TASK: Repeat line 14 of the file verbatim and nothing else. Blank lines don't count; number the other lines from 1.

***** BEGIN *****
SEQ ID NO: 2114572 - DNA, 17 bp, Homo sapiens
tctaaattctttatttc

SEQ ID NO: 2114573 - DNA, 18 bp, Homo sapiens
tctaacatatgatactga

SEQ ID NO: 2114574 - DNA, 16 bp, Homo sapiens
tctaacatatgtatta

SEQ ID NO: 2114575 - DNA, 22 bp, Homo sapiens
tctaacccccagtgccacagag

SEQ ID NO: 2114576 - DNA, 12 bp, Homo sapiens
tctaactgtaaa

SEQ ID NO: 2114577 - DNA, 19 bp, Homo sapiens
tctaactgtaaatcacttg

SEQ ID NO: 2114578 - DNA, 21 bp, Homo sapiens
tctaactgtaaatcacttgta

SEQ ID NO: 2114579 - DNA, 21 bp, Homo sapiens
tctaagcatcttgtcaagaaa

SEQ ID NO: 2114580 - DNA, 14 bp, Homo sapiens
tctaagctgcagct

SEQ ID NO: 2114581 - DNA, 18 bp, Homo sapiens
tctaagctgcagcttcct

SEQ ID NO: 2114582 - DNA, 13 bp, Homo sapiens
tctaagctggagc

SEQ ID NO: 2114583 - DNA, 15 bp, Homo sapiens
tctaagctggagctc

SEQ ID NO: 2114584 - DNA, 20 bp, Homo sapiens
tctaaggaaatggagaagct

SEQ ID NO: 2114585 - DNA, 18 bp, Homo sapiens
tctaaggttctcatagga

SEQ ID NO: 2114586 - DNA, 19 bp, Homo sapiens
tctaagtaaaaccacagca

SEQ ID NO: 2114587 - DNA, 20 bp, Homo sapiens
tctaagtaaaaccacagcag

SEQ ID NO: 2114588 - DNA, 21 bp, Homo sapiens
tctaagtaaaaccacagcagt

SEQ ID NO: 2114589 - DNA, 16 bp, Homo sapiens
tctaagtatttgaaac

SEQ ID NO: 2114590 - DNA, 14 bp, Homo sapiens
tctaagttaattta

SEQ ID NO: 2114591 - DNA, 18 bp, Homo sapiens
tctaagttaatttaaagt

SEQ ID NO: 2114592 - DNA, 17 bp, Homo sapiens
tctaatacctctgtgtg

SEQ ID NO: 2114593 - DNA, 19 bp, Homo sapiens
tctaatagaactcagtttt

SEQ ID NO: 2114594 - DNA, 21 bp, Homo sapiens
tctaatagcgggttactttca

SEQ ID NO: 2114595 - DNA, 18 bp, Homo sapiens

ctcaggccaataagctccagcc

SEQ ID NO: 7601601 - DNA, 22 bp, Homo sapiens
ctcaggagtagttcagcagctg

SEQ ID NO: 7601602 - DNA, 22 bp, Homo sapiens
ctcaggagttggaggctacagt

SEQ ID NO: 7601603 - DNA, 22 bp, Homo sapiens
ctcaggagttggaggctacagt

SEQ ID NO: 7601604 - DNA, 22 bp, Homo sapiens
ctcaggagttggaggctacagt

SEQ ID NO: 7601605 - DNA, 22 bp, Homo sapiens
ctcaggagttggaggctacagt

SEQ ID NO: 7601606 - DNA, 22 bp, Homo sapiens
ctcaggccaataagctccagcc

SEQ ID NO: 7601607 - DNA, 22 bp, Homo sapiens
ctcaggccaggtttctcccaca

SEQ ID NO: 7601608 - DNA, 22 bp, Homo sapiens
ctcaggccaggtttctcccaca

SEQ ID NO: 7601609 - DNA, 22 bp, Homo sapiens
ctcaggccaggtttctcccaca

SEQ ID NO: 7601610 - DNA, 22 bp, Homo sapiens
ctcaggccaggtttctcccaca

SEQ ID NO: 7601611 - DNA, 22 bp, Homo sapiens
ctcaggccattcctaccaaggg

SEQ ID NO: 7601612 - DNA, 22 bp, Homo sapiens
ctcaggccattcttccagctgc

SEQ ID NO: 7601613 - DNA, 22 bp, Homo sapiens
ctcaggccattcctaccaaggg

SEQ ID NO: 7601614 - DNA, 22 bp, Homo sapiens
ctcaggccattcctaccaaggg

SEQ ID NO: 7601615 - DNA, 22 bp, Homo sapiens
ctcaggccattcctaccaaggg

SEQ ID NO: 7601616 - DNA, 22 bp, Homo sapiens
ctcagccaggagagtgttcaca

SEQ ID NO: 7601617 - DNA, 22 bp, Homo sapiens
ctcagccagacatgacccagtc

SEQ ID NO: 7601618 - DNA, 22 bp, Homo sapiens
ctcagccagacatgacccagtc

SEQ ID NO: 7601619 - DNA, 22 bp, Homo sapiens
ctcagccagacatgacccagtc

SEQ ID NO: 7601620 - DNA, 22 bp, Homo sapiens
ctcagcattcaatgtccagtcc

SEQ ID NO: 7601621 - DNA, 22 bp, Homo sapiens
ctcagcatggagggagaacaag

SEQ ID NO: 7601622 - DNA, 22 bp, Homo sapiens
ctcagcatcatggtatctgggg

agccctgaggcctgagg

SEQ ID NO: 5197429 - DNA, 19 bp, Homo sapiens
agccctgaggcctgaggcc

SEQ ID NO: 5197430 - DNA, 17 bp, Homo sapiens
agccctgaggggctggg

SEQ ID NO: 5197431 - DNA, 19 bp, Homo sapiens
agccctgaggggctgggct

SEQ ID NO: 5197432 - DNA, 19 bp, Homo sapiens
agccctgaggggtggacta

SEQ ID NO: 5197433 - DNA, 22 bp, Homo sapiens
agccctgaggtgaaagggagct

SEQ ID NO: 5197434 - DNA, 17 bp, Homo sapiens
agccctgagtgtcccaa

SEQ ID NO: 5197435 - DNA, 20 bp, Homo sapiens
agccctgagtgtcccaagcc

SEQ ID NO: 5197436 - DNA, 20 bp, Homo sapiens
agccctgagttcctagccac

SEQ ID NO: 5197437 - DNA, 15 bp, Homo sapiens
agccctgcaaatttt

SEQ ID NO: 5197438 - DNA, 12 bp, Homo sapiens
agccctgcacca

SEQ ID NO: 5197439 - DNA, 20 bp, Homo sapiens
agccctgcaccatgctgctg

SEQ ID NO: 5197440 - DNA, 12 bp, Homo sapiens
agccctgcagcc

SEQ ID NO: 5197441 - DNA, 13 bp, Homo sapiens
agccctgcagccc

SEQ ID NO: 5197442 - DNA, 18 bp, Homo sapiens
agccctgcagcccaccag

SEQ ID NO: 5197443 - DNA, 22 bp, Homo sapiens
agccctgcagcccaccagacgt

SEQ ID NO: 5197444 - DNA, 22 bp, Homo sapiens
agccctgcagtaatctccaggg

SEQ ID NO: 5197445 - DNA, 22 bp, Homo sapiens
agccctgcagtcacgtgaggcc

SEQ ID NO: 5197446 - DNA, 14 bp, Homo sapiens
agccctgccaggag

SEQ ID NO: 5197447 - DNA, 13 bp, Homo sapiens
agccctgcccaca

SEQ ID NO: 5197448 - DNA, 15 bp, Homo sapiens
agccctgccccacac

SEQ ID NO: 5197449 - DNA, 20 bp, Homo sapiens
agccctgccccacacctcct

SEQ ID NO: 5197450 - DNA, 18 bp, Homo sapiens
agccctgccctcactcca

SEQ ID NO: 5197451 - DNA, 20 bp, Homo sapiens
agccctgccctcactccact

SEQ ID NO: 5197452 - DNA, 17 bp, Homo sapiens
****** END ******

tctaactgtaaatcacttgta